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Where's that Security@?

  • June 4th , 2015

All technology contains bugs. These bugs frequently have security implications that may be exploited by criminals, but are more often discovered by friendly parties — security researchers, academics, hackers, vendors, professionals, even law enforcement — who want nothing more than to see the flaw resolved safely. Due to this inescapable reality, it is critical that all organizations who build technology also have a safe process for vulnerability disclosure.

Unfortunately, many disclosure attempts from researchers continue to fall on deaf ears, and all Internet users are at increased risk as a result. This issue was recently highlighted in a letter to the Internet Policy Task Force:

Researchers who discover a serious security flaw in a piece of software or website should not have to spend hours or days searching for the contact information for the information security team at the company or organization responsible for the vulnerable code.


Providing security researchers with an easy way to report vulnerabilities is not just an industry best practice (ISO 29147, it is now a key component of what the Federal Trade Commission considers "reasonable and appropriate security."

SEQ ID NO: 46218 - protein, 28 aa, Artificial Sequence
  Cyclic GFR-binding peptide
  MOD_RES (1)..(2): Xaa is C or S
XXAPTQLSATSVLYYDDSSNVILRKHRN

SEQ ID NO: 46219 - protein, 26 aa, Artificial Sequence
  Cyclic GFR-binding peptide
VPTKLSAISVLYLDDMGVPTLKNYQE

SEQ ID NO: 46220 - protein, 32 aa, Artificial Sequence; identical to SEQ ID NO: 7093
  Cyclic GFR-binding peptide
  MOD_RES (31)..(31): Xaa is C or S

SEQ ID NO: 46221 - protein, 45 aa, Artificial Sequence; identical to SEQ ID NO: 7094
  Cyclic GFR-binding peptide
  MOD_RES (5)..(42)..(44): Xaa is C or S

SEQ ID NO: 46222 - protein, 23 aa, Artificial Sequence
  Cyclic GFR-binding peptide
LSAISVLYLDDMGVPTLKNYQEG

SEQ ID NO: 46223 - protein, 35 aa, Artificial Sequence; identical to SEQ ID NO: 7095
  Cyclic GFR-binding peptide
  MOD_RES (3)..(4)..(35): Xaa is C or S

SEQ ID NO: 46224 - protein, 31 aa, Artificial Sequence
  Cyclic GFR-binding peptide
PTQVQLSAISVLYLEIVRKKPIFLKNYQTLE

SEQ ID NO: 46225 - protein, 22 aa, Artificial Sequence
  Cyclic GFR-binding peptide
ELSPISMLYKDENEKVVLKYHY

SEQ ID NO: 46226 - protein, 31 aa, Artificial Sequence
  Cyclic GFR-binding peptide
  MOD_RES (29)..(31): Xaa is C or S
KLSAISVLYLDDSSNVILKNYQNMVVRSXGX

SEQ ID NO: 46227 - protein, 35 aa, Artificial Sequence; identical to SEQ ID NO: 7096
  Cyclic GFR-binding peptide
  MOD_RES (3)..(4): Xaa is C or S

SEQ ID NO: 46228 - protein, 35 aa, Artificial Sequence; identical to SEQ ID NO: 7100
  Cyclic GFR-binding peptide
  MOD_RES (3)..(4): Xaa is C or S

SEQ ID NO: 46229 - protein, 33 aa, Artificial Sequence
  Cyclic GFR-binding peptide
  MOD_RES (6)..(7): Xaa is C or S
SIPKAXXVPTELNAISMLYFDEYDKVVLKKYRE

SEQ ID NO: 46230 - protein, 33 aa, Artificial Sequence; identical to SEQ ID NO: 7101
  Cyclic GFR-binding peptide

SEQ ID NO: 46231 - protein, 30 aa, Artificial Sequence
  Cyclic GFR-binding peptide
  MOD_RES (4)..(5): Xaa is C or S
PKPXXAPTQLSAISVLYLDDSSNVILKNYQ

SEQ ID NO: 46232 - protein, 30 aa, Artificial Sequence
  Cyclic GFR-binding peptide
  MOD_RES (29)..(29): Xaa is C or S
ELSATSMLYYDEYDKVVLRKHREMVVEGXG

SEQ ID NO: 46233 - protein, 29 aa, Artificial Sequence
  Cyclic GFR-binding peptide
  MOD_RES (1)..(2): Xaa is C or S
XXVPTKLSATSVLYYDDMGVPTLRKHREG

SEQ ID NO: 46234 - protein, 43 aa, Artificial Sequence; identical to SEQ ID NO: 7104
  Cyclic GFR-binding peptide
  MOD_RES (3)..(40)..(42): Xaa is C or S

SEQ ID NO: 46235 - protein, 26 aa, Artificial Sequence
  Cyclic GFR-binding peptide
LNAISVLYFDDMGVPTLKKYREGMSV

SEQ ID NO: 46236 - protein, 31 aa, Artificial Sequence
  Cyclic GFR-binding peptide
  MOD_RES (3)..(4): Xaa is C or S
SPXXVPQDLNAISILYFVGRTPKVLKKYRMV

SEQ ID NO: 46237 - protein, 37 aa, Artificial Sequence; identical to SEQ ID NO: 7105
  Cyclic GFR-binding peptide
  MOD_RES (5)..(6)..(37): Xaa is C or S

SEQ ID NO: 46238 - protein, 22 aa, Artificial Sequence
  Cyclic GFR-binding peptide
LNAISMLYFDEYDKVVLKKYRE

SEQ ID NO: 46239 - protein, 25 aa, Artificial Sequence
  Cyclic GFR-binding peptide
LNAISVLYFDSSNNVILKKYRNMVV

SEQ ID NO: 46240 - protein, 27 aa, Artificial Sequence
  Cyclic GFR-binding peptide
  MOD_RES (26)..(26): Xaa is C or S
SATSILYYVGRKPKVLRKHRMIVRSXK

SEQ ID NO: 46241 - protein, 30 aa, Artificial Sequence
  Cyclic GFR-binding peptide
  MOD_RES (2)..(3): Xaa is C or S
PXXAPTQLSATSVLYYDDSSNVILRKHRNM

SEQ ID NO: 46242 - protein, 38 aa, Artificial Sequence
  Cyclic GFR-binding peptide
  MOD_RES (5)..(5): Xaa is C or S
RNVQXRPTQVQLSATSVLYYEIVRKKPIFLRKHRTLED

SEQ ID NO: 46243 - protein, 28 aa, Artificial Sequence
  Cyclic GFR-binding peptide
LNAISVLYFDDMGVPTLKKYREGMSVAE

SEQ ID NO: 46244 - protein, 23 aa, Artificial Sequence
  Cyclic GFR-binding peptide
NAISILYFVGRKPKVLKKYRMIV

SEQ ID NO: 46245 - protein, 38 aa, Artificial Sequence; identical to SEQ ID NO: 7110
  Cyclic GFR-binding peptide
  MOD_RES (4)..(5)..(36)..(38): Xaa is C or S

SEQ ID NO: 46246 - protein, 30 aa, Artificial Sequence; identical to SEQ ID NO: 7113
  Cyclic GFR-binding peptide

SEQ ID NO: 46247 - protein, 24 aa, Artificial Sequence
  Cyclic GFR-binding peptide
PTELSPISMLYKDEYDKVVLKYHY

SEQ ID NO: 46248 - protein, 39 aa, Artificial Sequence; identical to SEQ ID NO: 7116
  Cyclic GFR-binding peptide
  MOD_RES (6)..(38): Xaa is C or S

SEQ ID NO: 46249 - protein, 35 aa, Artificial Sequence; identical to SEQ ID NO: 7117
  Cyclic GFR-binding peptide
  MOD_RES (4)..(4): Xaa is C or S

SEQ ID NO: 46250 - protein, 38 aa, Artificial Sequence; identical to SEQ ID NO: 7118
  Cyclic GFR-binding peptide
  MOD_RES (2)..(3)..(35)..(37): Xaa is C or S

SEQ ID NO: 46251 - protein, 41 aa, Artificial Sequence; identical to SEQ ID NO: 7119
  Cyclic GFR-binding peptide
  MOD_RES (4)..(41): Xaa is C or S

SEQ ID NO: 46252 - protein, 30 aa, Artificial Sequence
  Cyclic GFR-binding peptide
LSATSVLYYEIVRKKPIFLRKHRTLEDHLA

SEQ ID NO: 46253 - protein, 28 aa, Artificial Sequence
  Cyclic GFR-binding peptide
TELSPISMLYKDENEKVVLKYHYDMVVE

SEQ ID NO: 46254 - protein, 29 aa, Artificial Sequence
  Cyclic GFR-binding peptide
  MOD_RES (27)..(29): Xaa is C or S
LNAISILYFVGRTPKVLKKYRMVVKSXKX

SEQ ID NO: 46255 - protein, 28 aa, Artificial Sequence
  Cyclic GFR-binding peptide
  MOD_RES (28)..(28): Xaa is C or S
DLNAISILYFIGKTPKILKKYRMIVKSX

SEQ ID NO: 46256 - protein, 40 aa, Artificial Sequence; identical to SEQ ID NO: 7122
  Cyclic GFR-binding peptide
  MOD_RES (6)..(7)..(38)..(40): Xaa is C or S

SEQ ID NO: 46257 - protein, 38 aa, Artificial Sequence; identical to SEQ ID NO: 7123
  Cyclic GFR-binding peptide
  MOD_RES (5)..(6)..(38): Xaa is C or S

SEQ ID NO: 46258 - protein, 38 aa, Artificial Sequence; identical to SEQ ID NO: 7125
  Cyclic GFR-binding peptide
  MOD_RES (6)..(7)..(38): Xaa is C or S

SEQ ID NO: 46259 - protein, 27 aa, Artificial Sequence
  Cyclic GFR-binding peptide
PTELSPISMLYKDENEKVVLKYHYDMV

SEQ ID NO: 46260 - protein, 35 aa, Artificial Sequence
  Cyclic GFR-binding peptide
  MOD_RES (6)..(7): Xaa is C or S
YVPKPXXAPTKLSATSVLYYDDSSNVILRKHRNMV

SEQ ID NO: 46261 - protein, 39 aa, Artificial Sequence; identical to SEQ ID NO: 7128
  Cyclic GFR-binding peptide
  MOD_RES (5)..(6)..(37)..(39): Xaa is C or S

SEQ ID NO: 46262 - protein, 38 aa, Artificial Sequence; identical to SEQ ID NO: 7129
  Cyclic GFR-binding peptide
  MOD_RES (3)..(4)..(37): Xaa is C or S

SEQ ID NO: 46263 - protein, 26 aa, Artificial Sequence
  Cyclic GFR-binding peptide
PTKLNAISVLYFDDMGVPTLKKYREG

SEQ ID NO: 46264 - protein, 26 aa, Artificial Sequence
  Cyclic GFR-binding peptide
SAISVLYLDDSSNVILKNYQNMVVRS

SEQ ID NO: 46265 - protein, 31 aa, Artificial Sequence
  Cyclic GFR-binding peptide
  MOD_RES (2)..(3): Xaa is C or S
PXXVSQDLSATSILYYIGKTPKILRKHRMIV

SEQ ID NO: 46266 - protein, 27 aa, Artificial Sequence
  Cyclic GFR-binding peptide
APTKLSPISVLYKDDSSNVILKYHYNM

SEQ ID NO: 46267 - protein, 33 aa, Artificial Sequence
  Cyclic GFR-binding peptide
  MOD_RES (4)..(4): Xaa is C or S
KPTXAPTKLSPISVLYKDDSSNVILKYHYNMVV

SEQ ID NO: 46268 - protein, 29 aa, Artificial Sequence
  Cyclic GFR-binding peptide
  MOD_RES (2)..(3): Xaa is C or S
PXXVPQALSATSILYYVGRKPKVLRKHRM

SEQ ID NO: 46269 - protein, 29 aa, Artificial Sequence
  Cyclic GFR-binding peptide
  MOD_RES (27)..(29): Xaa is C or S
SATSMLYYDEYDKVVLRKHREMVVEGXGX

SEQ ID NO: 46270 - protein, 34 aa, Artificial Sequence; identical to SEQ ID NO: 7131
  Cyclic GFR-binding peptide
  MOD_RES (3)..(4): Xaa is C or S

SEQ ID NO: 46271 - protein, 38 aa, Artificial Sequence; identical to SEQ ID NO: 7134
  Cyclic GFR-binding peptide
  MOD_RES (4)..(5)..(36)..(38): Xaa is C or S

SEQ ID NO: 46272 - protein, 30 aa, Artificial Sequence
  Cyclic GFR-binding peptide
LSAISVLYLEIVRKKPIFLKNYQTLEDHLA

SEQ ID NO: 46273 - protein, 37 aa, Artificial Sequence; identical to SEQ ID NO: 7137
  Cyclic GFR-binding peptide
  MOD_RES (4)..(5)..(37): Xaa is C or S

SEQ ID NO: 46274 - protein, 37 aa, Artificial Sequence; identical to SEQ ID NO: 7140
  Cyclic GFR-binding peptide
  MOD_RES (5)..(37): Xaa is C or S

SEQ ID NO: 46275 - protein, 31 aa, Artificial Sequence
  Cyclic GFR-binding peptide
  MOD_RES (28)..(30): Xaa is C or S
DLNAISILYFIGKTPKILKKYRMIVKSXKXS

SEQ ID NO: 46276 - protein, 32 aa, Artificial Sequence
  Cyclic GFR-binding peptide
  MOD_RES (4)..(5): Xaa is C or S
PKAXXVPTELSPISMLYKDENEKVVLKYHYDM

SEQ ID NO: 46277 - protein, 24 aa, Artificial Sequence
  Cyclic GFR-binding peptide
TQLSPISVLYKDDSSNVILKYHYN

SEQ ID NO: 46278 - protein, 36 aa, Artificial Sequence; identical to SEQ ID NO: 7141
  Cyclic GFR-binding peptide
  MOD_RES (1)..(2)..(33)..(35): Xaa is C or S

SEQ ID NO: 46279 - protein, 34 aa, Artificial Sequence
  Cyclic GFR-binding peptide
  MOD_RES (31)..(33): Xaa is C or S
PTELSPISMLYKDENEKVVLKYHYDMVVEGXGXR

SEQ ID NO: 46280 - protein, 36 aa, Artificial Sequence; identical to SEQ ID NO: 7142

We agree.

That's why we're launching the HackerOne Directory: a community-curated resource for identifying the best way to contact an organization's security team. Increasingly important, the Directory will also document the existence of the organization's responsible disclosure policy and any associated bug bounty programs.

HackerOne DirectoryImage: The HackerOne Directory


  • Share your disclosure experiences and add security team contact information to the Directory so others can benefit from your work.
  • When you need to contact a security team, search the Directory for their contact information.
  • If an organization hasn't published security contact information anywhere, we recommend considering assistance from your local CERT.


  • Publish contact information for receiving information about potential vulnerabilities in your products or online services, such as a security@ email address or a HackerOne program. See ISO 29147 for additional guidance or contact us.
  • Search the Directory for your organization to ensure that your security team's contact information and disclosure policy is accurate.

Empowering security researchers to perform their important work more efficiently is central to our mission, and we hope this Directory will prove to be a useful resource. Questions, complaints, or suggestions? All feedback is important to us and we'd welcome hearing from you.

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